In 2011 I listened to a talk on art and inspiration by British artist Lizzie Finn, and I got the chance to ask her some questions afterwards. Now her talk concentrated a lot on how she found her inspiration, which was almost exclusively in the off-line environment around her – so I asked her about all the inspiration and ideas she could find on the Internet.
She answered by talking about the Internet as two different things
. When it came to creative output she found it very valuable. Several people had picked up some of her stuff and posted it on their blogs and on forums; this again led to good marketing and increased attention from galleries and buyers.
But when it came to creative input, she saw a whole different thing. Her answer was as quick as it was brilliant – she said: the problem with the internet – even if it’s filled with brilliant stuff – is that everyone else is there – if you find something brilliant that inspires you – millions of people will have found the same thing, and potentially have the same inspiration and the same ideas.
Finn said what you need to look for are secrets – secrets – the stuff that is all around us but that no one else sees or is looking for.
Now in my words this helps me to slightly redefine one of the old definitions on creativity. From Finding answers in places where there are none to finding places where there are no-one.
Thomas Geuken, at the Copenhagen Institute of Future Studies suggests that the time-outs we have during the day are really important to our creative capacity. Because, even if we feel bored and that nothing is happening, the brain does not stop working.
It is in these small breaks where nothing happens that the brain starts breaking apart, organizing and connecting the information we have collected through the day with our old memories. It’s in these processes the brain discovers new connections and offers us brand new and interesting ideas.
Anyone who has been standing in the shower or sleeping and suddenly had this brilliant revelation probably knows what I’m talking about.
Now the problem is that these small time-outs are disappearing. Because what we do today when we have some time off is that we pick up our phone or open our laptop and we scour for entertainment and new information.
If these small breaks disappear there won’t be time for the brain to make connections and small discoveries alt through the day – and if I understand Geuken correctly he thinks that this high paced information rich environment, where we don’t allow ourselves to get bored – is actually working counter productive to what we are trying to achieve – a more effective and efficient day or creative work environment.
Chris Anderson presents surplus and abundance as something valuable that has been given to us by the internet.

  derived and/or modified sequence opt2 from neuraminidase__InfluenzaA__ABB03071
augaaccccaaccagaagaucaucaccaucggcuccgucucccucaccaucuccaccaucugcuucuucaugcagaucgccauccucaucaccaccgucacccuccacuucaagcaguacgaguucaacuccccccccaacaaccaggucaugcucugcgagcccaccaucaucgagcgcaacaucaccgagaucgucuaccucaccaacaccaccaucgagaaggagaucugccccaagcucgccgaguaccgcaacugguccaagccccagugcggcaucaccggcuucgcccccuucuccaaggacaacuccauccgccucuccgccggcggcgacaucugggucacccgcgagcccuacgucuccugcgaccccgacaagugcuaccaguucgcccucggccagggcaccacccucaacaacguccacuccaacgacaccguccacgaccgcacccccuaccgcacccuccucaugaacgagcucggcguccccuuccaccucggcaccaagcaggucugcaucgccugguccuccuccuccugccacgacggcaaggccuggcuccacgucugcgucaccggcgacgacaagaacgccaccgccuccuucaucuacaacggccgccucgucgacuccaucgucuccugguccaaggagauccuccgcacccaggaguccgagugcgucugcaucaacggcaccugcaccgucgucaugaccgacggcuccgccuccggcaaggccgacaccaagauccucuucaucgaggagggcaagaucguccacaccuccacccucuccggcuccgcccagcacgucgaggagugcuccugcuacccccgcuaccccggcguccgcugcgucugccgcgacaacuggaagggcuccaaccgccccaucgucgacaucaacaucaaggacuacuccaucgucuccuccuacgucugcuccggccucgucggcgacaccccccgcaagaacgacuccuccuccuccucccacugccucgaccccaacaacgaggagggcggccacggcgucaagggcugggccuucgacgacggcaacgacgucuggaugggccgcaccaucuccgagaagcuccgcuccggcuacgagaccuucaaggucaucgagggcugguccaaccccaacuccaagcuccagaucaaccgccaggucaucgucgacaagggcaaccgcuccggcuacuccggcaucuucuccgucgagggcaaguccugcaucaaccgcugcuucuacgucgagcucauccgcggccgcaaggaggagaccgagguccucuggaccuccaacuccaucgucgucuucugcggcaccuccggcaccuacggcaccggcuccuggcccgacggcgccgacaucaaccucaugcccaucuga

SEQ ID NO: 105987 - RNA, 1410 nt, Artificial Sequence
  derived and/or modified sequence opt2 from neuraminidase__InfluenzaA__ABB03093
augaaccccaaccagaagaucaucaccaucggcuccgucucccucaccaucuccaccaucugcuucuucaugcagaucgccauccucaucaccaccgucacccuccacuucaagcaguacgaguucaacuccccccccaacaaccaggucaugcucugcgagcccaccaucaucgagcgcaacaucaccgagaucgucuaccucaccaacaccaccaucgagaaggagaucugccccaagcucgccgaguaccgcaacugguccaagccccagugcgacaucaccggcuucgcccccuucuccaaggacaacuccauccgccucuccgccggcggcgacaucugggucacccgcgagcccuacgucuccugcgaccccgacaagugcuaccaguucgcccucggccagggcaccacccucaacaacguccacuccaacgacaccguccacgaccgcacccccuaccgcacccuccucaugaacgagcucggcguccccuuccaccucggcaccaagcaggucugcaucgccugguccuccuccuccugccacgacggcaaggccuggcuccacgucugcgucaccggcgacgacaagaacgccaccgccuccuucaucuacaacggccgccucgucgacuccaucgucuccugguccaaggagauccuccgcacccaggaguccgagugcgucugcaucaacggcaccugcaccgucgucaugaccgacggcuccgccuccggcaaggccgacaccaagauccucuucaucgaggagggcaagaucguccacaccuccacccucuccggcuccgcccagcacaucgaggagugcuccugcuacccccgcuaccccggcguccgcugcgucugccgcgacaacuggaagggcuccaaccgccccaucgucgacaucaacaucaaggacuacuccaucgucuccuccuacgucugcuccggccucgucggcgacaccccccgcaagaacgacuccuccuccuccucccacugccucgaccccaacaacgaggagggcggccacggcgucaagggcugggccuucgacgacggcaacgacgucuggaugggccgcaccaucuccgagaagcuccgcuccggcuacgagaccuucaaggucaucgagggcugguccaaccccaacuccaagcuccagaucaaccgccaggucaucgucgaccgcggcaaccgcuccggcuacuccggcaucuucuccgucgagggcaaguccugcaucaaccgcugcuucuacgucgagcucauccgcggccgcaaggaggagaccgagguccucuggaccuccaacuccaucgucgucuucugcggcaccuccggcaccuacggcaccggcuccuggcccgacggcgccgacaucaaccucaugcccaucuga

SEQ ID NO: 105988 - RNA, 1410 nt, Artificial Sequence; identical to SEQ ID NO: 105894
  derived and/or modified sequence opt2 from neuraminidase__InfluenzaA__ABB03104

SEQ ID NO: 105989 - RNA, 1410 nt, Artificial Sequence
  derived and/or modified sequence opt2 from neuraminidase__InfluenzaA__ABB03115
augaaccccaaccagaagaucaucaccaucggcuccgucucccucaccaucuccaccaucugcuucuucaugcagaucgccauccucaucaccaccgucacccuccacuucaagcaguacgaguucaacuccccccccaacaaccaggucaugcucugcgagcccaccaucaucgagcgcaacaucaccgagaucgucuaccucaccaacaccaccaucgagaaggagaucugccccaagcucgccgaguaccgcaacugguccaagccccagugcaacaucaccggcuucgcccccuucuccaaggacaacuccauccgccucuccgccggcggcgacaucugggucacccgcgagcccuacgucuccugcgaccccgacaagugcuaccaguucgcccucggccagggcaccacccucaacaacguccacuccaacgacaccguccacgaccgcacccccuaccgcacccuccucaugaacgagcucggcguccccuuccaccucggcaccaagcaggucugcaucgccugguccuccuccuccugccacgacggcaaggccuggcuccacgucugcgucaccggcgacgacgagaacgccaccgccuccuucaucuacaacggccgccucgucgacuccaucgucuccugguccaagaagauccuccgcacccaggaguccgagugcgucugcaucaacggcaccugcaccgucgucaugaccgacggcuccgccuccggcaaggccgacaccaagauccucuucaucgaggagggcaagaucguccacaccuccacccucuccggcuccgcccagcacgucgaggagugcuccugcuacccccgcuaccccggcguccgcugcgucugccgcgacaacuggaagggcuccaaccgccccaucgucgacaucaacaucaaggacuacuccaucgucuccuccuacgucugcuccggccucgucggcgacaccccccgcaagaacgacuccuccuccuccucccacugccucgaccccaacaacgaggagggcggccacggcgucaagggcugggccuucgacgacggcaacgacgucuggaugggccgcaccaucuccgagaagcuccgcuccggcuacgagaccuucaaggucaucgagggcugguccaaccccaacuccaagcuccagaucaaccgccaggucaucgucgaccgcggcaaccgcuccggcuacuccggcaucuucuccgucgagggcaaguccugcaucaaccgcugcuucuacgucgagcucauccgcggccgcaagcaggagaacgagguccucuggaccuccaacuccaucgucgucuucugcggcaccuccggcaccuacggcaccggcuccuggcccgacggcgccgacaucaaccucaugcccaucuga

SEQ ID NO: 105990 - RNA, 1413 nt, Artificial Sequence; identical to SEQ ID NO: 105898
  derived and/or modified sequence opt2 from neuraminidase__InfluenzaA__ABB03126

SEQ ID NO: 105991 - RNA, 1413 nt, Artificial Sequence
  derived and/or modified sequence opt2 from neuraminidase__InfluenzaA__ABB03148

– At a time where space is essentially free publishers can be far less picky when it comes to publishing content, everything can potentially be available.
Anderson presents the first line of effect, that more content gets published, more long tail content, something for everyone. Its obvious what happens to the publications and their creative output, but what happens to the readers?
In a world of scarcity interesting content is hard to come by, so we try harder. In an age of surplus there isn’t just one or to alternative reads, there are hundreds or thousands, and they all scream for attention and they all promise something valuable.
Several times I have tried to quit the online, fast-paced inspiration carousel, and moved to slower stuff like books or magazines. And I find it wonderful when the brain wanders of mid-sentence, or where a pen is able to make notes in the margin of a magazine or article. And slow technologies almost always give me (personally) much more, instantly, compared to when I consume stuff in the online world.
My question is if abundance also has a negative side – when it comes to the input of information. Has abundance forced us to consume more? And are we compressing our activities into smaller and smaller chunks in order to get through more?
– It used to be that an 14 minute TED talk was short and compressed information, now this rather is a 90 second video on Vimeo.
One of the benefits of technology has been efficiency and speed – but instead of settling for the efficiency of technology we seem to want to copy this efficiency in our own biology, we are almost forcing the brain to do several tasks simultaneously – which it is rather poor at doing.
A lot of research now seems to agree that your brain does not multitask, and trying to slows you down and corrupts your concentration – resulting in us understanding less and remembering less.
The brain switches focus, concentrating on one task at a time – and jumps from task to task as our attention shifts.
It seems that the whole idea of multitasking our way into more efficient creative processes brings about abilities that run counter to creativity and originality, and that we should allow for some processes to be slow and others quick.
My question is if we to blindly are letting technology lead us? Do we think of this as the age of the Internet just because we have the Internet? Do we think of the Internet as a brilliant place for information and inspiration just because it is filled with information and inspiration?
Or are we questioning it, how it affects our creative habits and our thinking?
I think we have to look at the difference between creative output and creative input, and see that even if the Internet Is very good at outputting and publishing creative work, there are still a lot of pitfalls when it comes to using the Internet for creative input.
Our creative habits will probably never finish developing and changing, or be as good as they can be. So, in the name of progress and creativity we have to continue questioning our processes, even the creative ones.
Online we have been amazed at the amounts of valuable resources that are immediately available to us. But how do we work with such surplus, and how do we use the Internet so that it becomes insight and new ideas, not just answers and entertainment?